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Kristiana Lockman's picture

Earlier this year, the Women's Funding Alliance released an interesting little report called The Status of Women in Washington. Now before you bounce off because a) you've already used up your quota of "you go girl" fist bumps today, or b) you believe the gender gap is a bunch of hooey, hang with me for a moment. 

Did you know that ...

  • In 2013, women in Washington earned $.77 on the dollar compared to their male counterparts?
  • Women who work full-time, year-round earn less than men at every education level, even when their degree is more advanced?
  • If women received equal pay, the earnings increase added up across all women in the state would amount to almost 3% of Washington's gross domestic product in 2013?

Holy cow, right? The gender gap has been quantified and guess what? It's an $11.2 BILLION dollar gap. That's not hooey. That's crazy.

But wait. Perhaps the craziest statistic of all is this one:

Mothers in our state make $.67 compared to the $1 earned by fathers.

This. Blows. My. Mind. After all, who works smarter, more efficiently, and with more motivation than a mom? Don't more moms have a bachelors or higher college degree, vote, and hold more political seats than ever before? Aren't we running profitable small businesses or providing incredible leadership at others, some of them Fortune 500 companies? And doing all of this WHILE providing the support and security our children need to show up at school ready to learn, and ready to become the next generation of go getters? 

So, what's up? After all, we've been bringing home the bacon for quite some time now (and many of us leave the "frying it up in a pan" to our partners.) But the reality of this study is that our gains are still modest. Even though women make significant contributions to our economy, many have yet to catch up to our male counterparts. We have work to do.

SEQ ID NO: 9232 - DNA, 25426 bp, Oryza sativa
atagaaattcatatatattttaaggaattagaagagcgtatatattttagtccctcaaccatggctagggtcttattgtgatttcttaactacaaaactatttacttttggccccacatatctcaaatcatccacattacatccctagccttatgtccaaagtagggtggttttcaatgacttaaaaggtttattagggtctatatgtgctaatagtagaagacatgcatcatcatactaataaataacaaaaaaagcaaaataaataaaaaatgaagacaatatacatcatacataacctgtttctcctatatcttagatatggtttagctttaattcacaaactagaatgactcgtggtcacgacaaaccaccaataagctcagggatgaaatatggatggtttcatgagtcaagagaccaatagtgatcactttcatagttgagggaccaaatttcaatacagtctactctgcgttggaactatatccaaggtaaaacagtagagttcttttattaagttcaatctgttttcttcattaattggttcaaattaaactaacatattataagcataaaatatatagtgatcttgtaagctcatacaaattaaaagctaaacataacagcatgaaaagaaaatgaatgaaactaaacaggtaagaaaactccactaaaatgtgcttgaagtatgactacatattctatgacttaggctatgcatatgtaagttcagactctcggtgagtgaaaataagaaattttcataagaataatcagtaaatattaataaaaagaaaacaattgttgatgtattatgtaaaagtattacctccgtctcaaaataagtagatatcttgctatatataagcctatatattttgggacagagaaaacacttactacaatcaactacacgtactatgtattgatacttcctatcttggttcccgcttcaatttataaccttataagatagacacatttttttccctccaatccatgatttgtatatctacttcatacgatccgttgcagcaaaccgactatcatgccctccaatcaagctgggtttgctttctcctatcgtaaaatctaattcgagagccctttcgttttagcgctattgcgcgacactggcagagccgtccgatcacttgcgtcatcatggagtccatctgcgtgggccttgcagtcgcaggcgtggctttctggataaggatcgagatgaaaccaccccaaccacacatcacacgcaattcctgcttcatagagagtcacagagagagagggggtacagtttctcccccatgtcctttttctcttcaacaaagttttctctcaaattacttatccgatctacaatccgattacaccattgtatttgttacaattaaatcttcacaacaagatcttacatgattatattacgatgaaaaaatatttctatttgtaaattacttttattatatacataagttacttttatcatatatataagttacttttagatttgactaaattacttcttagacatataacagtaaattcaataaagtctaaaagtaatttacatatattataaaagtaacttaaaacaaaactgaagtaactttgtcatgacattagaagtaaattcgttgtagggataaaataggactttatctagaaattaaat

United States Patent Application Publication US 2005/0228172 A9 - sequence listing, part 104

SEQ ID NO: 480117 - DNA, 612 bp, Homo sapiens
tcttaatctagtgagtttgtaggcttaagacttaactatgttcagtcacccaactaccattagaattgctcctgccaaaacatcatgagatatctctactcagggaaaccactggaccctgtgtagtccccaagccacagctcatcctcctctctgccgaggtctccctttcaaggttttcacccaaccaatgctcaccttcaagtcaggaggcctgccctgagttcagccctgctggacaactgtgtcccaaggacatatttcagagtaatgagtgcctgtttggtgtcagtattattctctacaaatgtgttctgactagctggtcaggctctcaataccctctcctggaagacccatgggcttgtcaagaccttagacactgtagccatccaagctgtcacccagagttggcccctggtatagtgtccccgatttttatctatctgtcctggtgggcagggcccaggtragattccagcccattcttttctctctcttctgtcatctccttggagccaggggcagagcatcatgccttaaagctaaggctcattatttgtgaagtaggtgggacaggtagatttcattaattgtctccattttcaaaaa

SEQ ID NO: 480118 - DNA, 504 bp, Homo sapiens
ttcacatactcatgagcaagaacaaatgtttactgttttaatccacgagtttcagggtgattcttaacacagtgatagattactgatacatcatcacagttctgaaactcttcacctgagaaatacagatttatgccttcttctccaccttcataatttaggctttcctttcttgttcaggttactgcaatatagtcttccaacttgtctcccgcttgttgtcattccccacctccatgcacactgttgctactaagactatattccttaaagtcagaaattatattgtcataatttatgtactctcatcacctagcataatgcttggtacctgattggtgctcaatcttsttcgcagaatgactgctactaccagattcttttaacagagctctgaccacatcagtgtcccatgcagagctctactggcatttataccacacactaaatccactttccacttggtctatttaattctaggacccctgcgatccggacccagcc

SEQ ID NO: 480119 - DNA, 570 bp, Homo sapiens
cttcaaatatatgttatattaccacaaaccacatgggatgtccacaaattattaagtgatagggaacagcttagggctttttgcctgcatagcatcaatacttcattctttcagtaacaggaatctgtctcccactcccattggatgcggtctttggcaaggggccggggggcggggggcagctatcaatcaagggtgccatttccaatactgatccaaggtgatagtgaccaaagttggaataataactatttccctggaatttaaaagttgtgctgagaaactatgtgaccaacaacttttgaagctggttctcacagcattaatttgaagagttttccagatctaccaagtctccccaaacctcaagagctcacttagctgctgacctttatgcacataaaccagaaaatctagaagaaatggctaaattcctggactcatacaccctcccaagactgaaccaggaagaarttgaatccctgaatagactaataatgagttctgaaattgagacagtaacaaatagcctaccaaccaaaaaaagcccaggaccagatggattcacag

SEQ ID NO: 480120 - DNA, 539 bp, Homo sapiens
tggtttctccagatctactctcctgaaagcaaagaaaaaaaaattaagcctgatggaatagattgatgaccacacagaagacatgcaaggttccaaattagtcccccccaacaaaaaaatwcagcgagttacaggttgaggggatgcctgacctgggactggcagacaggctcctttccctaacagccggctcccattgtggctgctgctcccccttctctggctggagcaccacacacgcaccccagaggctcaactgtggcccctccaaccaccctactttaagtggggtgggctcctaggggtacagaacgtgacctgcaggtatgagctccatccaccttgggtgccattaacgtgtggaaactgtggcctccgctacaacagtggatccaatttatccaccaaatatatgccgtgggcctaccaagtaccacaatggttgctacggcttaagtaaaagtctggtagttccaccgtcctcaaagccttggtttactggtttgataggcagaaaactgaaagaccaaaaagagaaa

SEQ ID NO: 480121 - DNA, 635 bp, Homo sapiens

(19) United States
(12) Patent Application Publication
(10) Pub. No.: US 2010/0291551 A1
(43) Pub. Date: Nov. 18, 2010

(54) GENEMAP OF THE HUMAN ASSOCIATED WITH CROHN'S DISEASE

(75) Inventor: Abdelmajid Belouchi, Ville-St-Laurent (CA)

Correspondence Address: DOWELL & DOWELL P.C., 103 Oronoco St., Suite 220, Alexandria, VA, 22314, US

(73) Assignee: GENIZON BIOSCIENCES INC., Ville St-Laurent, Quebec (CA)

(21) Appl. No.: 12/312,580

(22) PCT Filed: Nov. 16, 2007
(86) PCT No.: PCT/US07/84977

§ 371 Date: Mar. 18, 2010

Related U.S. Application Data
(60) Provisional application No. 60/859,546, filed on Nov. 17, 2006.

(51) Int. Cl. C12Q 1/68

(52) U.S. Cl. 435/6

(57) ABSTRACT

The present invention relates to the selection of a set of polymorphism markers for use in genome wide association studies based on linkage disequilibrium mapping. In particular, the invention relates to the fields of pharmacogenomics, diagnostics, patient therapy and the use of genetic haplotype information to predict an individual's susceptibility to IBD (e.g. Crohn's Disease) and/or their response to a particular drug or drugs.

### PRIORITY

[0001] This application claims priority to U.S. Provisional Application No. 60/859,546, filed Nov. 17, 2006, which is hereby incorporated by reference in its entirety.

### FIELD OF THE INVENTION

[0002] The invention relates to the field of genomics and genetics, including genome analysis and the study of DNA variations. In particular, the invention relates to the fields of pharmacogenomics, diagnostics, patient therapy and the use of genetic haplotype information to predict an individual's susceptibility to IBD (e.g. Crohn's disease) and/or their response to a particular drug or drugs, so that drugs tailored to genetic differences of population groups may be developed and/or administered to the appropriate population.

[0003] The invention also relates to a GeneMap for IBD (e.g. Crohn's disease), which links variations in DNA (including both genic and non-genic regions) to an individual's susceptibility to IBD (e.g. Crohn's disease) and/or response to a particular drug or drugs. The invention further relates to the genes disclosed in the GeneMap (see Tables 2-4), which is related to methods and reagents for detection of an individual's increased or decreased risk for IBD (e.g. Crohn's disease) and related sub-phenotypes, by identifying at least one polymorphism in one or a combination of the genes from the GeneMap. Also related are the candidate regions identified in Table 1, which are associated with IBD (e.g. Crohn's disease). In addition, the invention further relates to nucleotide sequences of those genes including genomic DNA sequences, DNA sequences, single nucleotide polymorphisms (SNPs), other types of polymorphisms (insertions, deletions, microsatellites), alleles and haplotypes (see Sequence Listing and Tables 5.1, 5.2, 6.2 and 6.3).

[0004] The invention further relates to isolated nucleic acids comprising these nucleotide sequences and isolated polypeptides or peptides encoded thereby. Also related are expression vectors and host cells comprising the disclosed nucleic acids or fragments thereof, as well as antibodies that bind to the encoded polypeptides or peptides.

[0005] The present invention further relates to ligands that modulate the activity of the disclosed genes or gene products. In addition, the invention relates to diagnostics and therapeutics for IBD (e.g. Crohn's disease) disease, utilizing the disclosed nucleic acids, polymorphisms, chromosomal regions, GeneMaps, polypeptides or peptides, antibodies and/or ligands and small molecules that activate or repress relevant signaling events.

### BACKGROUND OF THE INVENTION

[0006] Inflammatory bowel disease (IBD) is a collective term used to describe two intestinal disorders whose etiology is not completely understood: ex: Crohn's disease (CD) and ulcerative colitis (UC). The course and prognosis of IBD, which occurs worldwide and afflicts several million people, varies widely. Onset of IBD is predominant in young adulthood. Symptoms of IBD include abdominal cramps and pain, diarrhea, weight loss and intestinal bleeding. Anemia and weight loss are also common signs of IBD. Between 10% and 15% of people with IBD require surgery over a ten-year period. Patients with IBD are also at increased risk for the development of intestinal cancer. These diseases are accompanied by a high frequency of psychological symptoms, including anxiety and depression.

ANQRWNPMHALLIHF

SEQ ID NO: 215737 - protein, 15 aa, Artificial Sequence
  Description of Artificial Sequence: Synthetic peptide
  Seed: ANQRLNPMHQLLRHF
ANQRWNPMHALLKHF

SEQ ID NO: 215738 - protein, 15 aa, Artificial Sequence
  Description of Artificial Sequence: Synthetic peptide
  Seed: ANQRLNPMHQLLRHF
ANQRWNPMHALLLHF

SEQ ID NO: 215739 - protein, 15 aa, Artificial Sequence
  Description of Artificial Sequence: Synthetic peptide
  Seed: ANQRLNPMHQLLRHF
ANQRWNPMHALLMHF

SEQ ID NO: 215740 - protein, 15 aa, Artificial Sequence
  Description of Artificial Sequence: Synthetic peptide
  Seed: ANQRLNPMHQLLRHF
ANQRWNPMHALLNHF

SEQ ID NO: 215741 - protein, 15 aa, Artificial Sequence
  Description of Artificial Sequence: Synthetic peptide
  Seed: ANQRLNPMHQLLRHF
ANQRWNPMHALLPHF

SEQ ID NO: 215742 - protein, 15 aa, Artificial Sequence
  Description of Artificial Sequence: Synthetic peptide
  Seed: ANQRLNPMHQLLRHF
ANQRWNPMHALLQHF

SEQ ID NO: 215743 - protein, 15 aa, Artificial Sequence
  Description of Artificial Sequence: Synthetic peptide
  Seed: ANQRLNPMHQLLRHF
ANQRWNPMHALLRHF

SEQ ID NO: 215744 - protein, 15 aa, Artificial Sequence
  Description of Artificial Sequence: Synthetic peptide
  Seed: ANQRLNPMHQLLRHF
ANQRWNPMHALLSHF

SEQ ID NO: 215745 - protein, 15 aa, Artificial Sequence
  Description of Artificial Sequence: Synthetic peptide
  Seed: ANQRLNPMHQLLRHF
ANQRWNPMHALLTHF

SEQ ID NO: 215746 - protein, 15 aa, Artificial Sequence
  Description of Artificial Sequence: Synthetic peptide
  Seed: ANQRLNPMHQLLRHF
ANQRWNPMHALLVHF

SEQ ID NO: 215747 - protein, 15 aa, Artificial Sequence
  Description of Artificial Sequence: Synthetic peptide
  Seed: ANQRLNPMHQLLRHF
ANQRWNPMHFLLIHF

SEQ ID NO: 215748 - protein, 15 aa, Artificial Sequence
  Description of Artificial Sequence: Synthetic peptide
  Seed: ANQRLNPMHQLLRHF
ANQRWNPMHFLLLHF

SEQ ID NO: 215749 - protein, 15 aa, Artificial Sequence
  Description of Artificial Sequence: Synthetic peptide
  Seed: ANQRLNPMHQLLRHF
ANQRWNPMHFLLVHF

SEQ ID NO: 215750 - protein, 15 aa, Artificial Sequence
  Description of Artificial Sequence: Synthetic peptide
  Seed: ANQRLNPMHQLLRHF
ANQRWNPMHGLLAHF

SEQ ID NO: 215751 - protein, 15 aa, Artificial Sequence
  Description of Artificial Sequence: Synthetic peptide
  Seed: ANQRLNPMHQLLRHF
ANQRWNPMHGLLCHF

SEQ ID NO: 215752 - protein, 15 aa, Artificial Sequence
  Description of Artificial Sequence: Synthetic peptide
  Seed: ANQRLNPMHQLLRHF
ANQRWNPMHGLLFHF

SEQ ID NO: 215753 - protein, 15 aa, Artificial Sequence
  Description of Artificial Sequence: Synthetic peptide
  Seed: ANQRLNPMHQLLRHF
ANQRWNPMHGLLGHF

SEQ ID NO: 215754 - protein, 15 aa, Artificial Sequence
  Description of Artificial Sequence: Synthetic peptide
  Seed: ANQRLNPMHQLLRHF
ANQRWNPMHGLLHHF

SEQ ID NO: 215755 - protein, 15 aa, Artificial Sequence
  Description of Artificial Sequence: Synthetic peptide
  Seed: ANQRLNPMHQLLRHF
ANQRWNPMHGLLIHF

It's time to get more vocal. The outdated notion that men as breadwinners are better, more motivated workers while women as caregivers work less and are more distractible on the job has got to go. This is humorous when you think about the fact that today's moms lead powerful countries, serve on the Supreme Court, run world banks, and preside over some of the most influential companies around the globe. It's less funny when you realize this traditional thinking, going unopposed in the business world, means mothers get called back half as often as fathers in the interview process, are offered less for the same positions, and are penalized to the tune of 4% less salary—for each child—than their childless counterparts. 

I would wager that some employers don't think they have this bias. And others will point to prominent women in their organizations as evidence this isn't true. But now we have facts. Not only do we have the incentive to become better salary negotiators, we also have substantiated reason to push for policies that promote a woman's right to coordinate work and family. Because when moms are given the chance to put their advanced creative, problem solving, time management, and diplomacy skills to work, there's a tremendous benefit to our economy.

Potentially a $11.2 billion benefit. 

Want to learn more? Here are a few links to great resources:


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